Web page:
“I do take exception to BigFoots,” he says. “Except if you use them to hang behind cars in the winter.”
Different experiences. It’s probably what landed him in what The Swede calls “Clown Town.” Berger arrived in Whistler in the mid-’80s, back when few knew just how golden things were Out West.
“The best advice I ever got was from my raft-guide buddies back in Quebec. They all told me: Go straight to Whistler—don’t stop in Banff.
“And today? Well, I’m at the number 1 resort in North America,” Berger says, where he’s enjoyed a longtime gig as one of Whistler Blackcomb’s contract photographers, not to mention the perks that come with being a stylish photo dude in a stylish town. When asked about the growth Whistler has experienced over the years, he answers: “If you think it’s going to stay stagnant with no progress, then you’re kidding yourself. You have to take the good with the bad. There’s lots more lift-accessed terrain available now than back then. The backcountry is still here, and it’s just as easy as ever to get away from the crowds if you know where to go. This is the Coast Range; there’s plenty to go around…. It’s definitely harder to work on the mountain and still make it look fresh, but it’s doable if you know where to go. And I know where to go. I love the fact that I live in a small town with big-city dining and nightlife. You just have to accept the changes; once you can’t accept it anymore, then it’s time to move on.”
Still, Berger doesn’t just eat at La Rua and schmooze with his heli-pilot buddies (although he does do that quite a bit). He loves to rip, too. Which is better, though: epic day or epic shot? Tough question.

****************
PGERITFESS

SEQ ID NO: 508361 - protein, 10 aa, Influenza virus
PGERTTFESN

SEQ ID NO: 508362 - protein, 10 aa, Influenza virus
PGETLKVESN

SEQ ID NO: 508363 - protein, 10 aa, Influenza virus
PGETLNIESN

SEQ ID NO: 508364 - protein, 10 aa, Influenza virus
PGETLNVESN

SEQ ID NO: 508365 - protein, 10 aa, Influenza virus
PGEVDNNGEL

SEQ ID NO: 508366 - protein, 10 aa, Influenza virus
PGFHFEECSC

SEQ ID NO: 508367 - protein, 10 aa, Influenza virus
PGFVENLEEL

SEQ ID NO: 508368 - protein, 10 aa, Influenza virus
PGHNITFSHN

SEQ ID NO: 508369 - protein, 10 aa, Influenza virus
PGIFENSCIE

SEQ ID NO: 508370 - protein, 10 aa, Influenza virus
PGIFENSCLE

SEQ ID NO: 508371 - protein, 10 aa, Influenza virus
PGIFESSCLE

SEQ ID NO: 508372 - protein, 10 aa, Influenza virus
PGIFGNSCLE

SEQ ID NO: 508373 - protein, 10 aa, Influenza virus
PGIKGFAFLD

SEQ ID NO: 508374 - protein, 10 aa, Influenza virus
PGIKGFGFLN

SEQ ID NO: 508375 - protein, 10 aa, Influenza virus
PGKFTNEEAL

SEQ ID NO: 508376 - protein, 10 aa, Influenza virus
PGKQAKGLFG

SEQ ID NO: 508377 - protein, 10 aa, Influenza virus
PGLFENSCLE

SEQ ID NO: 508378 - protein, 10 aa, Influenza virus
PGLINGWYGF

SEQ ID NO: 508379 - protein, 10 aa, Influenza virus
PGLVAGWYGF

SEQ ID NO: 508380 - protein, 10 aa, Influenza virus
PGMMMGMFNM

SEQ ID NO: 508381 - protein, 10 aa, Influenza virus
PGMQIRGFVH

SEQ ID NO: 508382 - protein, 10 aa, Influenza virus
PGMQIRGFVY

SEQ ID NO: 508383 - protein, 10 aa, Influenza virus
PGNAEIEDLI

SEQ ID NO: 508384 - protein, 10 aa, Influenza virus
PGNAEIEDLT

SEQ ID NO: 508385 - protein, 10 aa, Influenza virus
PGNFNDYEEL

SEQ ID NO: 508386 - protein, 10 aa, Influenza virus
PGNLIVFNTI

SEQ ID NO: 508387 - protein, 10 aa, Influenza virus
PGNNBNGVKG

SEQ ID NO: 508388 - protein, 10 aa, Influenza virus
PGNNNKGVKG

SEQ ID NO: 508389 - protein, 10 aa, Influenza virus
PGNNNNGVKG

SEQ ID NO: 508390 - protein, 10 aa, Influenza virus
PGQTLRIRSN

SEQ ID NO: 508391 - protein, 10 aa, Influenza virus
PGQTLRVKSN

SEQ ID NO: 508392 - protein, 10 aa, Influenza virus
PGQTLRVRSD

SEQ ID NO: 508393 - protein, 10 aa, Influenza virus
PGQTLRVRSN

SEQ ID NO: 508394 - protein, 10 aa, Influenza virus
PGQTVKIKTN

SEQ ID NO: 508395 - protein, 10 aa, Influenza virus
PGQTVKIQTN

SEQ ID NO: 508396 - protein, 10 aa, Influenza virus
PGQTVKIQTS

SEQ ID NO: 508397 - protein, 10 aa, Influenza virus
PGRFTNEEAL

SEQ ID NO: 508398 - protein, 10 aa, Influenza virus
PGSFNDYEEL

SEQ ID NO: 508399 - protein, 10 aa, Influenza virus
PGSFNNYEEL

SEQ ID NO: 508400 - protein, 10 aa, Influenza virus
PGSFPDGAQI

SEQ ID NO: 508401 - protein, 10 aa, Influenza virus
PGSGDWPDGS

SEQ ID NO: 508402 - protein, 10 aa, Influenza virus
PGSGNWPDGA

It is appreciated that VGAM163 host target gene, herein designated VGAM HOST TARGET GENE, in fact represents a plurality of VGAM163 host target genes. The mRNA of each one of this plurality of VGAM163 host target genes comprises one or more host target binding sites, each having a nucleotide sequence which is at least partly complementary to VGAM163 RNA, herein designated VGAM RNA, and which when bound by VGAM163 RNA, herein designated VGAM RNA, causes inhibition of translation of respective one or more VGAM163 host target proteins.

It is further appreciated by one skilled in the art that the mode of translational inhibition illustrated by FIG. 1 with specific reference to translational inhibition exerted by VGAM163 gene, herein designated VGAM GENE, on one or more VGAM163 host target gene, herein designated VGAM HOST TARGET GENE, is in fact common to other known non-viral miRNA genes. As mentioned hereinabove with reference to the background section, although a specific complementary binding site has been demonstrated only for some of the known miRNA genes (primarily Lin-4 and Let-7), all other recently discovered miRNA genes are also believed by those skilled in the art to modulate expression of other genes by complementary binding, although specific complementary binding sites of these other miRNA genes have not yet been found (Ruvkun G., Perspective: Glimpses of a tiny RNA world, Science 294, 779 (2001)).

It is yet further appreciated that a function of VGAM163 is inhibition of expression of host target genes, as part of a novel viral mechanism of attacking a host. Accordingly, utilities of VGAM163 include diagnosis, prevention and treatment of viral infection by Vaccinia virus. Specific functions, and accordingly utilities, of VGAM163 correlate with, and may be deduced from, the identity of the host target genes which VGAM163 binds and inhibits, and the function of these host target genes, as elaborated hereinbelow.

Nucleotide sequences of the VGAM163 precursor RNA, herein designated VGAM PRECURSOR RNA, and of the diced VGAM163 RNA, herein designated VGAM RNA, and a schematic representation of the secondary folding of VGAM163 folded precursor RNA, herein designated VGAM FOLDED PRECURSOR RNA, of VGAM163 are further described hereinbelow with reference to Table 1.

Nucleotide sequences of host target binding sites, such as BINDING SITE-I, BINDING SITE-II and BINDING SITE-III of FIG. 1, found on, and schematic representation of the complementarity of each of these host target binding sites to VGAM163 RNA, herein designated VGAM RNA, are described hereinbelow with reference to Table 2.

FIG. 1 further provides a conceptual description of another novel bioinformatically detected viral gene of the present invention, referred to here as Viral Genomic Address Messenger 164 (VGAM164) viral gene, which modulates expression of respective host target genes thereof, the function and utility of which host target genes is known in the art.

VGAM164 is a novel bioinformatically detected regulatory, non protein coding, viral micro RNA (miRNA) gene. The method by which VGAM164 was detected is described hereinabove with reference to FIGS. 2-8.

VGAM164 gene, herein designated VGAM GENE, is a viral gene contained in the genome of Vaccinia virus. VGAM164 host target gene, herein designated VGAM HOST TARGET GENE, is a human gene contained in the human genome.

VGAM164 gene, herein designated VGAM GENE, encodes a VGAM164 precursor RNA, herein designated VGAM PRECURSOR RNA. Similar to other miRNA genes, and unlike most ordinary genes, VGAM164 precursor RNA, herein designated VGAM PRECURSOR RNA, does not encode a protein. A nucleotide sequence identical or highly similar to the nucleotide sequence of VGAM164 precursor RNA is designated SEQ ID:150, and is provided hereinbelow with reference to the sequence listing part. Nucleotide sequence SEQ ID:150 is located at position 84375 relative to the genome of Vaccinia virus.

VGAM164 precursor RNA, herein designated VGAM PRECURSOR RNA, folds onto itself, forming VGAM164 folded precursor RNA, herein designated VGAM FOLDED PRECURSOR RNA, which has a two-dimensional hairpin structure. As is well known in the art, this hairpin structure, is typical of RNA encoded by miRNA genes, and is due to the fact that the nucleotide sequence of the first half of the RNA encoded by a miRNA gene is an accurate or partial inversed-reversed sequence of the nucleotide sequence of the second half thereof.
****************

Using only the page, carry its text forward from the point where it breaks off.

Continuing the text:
“There’s no doubt that epic days with friends, when you’re hitting everything, are unreal,” he says. “Those days always stay with you. But as a photographer, you get real exhilaration out of nailing an epic shot. Standing back and letting the athletes hit their line, capturing that, it’s very intoxicating. To me, it ranks equal. Maybe photographers can really only understand that. It doesn’t happen all the time, just like an epic day of skiing—that’s what makes it so special.”
Like everyone else, Berger joined the digital revolution after years of shooting film, another testament to his ability to adapt. To rise (albeit long after the sun’s come up) with style, to a new day.
“There’s a bit more room to breathe with exposures,” he says of digital, “which takes the pressure off a bit. You can experiment and shoot more without the big expense of film and processing. I used to really dig working in the darkroom in college; I even had one at home. When I went to slide film, I lost that. Now I’m educating myself to the power of digital editing. It’s cool; I feel like I’m in the darkroom again.”
But he’s not in the darkroom when it comes to today’s super-competitive photography paradigm, what with all the young bucks trying to be the next Blake Jorgenson, Paul Morrison, or Eric Berger, for that matter. But he’s cool with that. He realizes he’s fortunate to be recognized and respected in the winter-sports world.
“I’ve certainly gone through times where I’ve felt threatened by the young bucks. But the last few years, everything has fallen into place. People recognize that I can deliver quality consistently. That comes with time and experience. So I’m not as threatened by up-and-comers now. How you are as a businessperson, what you’re like to work with and the quality of your photography are what count. If you’ve got that, it doesn’t matter.”
On the road Berger is the consummate pro: he can talk a D9 cat driver at Kitwanga Junction into a toothless smile like he were a paid model in downtown New York. He respects his subjects. He respects other shooters out there. He respects the athletes, the little things in life, his past, the future, his home, his wife, the road, balance, the moola bandha, Crown Royal and Earl Grey. And all this The Milkman delivers straight to your doorstep in the world’s best winter-sport mags: fresh, tasty and always plenty.